The bottomline is that YouTube has proven that there is a market for quality entertainment, whether it be music performances or animated shorts. Now it’s only a matter of time before other companies start making legal, higher-quality copies of this material available for a few bucks per download. An exciting new world of animation is about to open up, and YouTube deserves a heap of credit for helping make that world possible.
Mark Mayerson did some number-crunching recently and came up with some fascinating figures for animated feature box office grosses during the last six years. He figures out yearly box office totals, annual average per-film gross and also breaks down the numbers by studio. Definitely worth a look.
We’ve known since April that
Cartoon Network is abandoning its original programming charter and slowly moving into producing live-action instead of animation. This week they announced their first original live-action production – a movie called RE-ANIMATED. Here’s CN exec Michael Ouweleen’s take on the project:
“[E]ven though we are featuring live-action characters, it still had to be done the Cartoon Network way.”
Live-action done the “Cartoon Network way?” That might almost be funny if it weren’t for the sad fact that America’s only dedicated cartoon channel has decided that audiences no longer like cartoons and that it could better serve its audience by showing them the same live-action fare that’s already available on hundreds of other channels.
I’ve been complaining for years about the fact that very few of the animated features produced outside the U.S. ever get distribution (or even shown) in North America. One outlet, however, is The Waterloo Festival for Animated Cinema (WFAC) – located in beautiful Kitchener-Waterloo, Ontario Canada – a bona fide annual film festival dedicated to showing many of these inernational animated feature films in an actual theatrical setting – the way they’re supposed to be seen.This year the four day festival runs from November 16-19. The full program will be posted on November 1st, but already scheduled to screen are:
Fimfarum 2 (Jan Balej / Aurel Klimt / Bretislav Pojar / Vlasta Posp”ïÂ¿Â½ilovïÂ¿Â½, Czech Republic, 2006). Four adaptations of Jan Werich’s stories “for small children and clever adults,” by four master Czech puppet animators of different generations. Fire Ball (Wang Toon, Taiwan, 2006). An animated telling of the Chinese classic “Journey to the West”. Gin-iro no Kami no Agito (“Origin: Spirits of the Past” – Sugiyama Keiichi, Japan, 2006). From Studio GONZO, set in a future world 300 years from now, in which nature has turned against man. Kirikou et les B’tes Sauvages (“Kirikou and the Wild Beasts” – Michel Ocelot, France, 2005). Sequel to the wonderful Kirikou and the Sorceress. (pictured above) Knyaz Vladimir (“Prince Vladimir” – Yuri Kulakov, Russia, 2006). The story of the rise of the historical figure Prince Vladimir Svyatoslavovich (960-1015 A.D.). Pettson and Findus: Pettson’s Promise (Anders SïÂ¿Â½rensen / JïÂ¿Â½rgen Lerdam, Denmark, 2005). The story of a Swedish Santa Claus. Princes et Princesses (“Princes and Princesses” – Michel Ocelot, France, 2000). A retrospective screening of one of Ocelot’s most beautiful and creative films, in silhouette animation. Princess (Anders Morgenthaler, Denmark, 2006). A clergyman returns home after years of missionary work abroad to take care of his orphaned niece when his sister, a porno star, dies from drug abuse. Robotech: the Shadow Chronicles (Dong-Wook Lee / Tommy Yune, U.S.A., 2006). A new film based on the anime TV series of the 1980′s that began modern anime fandom in North America. Shisha no Sho (“Book of the Dead” – Kawamoto Kihachiro, Japan, 2005). The spirit of a long-dead prince begins to haunt a young noblewoman whom it has mistaken for an ancestor.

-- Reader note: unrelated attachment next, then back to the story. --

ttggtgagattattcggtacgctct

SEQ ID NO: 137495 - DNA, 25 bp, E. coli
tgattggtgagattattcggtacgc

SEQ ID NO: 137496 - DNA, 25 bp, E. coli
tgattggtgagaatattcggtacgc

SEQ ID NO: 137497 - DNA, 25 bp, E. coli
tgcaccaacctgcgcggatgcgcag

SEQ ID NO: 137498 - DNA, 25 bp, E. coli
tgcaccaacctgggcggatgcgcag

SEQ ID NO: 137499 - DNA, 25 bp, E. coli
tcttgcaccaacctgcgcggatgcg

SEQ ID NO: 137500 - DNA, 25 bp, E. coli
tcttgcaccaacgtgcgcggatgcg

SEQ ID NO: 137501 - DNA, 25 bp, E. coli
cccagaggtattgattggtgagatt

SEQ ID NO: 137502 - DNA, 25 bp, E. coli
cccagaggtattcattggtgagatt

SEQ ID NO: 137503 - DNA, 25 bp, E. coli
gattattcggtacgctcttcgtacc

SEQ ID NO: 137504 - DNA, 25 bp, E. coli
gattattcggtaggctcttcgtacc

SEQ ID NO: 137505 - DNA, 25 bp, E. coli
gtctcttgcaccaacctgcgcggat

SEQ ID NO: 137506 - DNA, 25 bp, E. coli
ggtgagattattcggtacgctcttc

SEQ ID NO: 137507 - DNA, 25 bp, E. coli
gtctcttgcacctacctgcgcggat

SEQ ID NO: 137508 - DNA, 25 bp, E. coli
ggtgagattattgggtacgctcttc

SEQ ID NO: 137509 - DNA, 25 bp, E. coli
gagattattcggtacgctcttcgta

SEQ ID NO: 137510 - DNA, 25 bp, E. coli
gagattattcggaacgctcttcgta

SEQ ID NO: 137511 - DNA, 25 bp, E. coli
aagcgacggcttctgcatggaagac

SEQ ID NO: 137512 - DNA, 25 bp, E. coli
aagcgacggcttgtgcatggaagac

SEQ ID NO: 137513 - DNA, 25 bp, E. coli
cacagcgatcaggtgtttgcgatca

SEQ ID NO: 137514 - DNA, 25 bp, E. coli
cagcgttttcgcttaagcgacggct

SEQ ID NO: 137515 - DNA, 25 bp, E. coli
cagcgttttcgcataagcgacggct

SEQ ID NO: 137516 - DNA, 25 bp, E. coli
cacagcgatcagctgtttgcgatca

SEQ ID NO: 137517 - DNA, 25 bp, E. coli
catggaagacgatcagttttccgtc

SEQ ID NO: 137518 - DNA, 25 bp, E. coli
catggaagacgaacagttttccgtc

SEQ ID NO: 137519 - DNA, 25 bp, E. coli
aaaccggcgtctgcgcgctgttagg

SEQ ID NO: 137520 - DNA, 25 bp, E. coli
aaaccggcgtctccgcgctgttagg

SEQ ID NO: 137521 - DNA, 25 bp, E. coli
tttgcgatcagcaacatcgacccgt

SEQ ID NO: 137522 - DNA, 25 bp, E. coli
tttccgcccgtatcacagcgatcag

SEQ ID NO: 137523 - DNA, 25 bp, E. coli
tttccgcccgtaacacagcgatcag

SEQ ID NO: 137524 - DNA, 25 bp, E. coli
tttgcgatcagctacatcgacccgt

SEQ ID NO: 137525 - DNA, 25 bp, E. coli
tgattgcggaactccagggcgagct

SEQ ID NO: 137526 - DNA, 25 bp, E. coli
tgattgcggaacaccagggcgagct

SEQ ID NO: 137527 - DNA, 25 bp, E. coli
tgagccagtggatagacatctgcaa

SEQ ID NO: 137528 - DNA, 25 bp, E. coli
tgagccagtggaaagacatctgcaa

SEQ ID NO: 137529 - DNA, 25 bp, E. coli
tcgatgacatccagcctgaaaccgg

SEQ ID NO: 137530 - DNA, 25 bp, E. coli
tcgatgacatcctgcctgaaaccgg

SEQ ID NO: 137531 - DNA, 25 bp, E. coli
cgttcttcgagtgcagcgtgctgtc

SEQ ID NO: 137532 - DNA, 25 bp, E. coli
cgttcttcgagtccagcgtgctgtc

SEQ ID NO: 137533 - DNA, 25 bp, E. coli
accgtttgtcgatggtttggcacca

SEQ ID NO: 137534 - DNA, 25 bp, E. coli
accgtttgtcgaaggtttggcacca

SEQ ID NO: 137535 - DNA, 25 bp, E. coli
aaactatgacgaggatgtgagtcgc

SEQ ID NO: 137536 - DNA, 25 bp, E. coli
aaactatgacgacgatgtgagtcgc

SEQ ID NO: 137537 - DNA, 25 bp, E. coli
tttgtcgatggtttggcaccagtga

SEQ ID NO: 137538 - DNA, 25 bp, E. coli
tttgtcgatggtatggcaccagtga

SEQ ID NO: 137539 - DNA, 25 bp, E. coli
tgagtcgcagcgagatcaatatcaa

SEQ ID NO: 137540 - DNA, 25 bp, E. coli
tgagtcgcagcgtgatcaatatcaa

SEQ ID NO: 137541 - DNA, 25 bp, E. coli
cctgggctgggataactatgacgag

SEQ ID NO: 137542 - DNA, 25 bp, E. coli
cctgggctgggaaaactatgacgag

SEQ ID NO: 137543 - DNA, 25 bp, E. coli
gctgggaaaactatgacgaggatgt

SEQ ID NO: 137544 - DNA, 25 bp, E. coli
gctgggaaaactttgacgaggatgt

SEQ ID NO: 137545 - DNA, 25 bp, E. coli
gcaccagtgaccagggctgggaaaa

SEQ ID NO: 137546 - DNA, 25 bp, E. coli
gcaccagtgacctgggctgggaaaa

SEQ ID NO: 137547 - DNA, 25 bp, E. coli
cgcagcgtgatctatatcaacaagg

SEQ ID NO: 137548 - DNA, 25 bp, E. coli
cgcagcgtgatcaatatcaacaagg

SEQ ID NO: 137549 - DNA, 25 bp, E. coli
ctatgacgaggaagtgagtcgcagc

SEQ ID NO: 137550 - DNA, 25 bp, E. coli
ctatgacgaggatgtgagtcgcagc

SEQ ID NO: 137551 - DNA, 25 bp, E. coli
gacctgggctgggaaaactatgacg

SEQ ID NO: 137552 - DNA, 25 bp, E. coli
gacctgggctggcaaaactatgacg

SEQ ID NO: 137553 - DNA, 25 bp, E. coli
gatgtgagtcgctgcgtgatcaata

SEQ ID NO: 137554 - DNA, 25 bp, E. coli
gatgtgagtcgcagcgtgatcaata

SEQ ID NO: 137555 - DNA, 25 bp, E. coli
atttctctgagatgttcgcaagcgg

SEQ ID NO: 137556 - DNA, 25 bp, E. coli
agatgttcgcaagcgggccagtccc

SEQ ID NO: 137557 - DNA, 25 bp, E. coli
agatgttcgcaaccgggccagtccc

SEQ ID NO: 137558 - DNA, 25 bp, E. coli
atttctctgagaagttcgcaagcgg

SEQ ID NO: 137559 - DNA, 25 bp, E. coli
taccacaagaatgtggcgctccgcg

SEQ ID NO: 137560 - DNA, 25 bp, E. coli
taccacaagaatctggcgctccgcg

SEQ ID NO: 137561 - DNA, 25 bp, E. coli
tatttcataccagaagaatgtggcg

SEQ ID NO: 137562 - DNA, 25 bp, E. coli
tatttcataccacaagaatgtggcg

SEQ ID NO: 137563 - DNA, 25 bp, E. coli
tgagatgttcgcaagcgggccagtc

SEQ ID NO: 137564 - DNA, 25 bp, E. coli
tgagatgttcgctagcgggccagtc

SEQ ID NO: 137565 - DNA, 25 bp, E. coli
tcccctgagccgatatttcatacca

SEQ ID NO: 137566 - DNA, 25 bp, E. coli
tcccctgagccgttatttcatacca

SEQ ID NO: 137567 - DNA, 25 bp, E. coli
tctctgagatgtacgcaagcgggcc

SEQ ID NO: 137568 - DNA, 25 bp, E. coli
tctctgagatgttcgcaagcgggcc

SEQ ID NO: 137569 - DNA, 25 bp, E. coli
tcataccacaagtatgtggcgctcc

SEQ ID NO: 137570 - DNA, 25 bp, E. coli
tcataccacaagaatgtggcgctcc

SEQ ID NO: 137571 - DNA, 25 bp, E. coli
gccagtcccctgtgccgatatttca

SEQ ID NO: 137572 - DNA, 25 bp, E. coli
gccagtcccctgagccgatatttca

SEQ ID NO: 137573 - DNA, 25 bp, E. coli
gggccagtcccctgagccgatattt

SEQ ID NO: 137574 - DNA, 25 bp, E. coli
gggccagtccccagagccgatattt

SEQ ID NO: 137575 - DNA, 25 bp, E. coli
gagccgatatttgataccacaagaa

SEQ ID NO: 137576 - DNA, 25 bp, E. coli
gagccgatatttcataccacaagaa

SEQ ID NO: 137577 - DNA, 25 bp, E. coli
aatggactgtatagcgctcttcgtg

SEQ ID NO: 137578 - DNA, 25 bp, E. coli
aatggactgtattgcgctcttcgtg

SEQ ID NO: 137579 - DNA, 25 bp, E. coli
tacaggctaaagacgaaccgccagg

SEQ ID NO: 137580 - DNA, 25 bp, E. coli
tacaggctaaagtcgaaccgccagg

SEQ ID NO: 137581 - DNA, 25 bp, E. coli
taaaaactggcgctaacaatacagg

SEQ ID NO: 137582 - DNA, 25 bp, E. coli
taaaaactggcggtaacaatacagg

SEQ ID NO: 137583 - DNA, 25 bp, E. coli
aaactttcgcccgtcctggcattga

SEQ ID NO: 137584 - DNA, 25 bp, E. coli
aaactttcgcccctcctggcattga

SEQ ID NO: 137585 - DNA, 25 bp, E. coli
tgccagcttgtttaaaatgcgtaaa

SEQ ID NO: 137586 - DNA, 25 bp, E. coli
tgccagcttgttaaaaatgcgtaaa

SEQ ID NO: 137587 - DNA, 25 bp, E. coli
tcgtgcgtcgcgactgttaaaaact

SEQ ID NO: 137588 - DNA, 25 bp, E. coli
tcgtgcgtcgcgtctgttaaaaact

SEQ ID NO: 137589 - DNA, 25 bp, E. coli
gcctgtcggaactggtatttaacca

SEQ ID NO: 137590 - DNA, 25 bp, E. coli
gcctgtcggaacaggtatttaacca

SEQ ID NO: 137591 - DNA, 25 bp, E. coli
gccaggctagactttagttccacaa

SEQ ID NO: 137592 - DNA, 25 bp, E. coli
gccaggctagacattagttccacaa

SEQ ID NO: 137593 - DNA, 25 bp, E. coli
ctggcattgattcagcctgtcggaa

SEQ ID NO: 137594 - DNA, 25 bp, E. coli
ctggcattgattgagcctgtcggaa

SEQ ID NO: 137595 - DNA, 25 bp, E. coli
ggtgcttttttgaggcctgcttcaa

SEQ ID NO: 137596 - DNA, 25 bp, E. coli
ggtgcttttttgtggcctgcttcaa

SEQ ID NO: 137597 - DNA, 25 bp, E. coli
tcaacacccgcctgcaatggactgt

Screenings will be held November 16th-19th, 2006 at The Gig Theatre (the Hyland Cinema) in Kitchener-Waterloo, Ontario, Canada. For more information contact program curator Joseph C. Chen via email wfac-at-wfac.ca or through the festival website.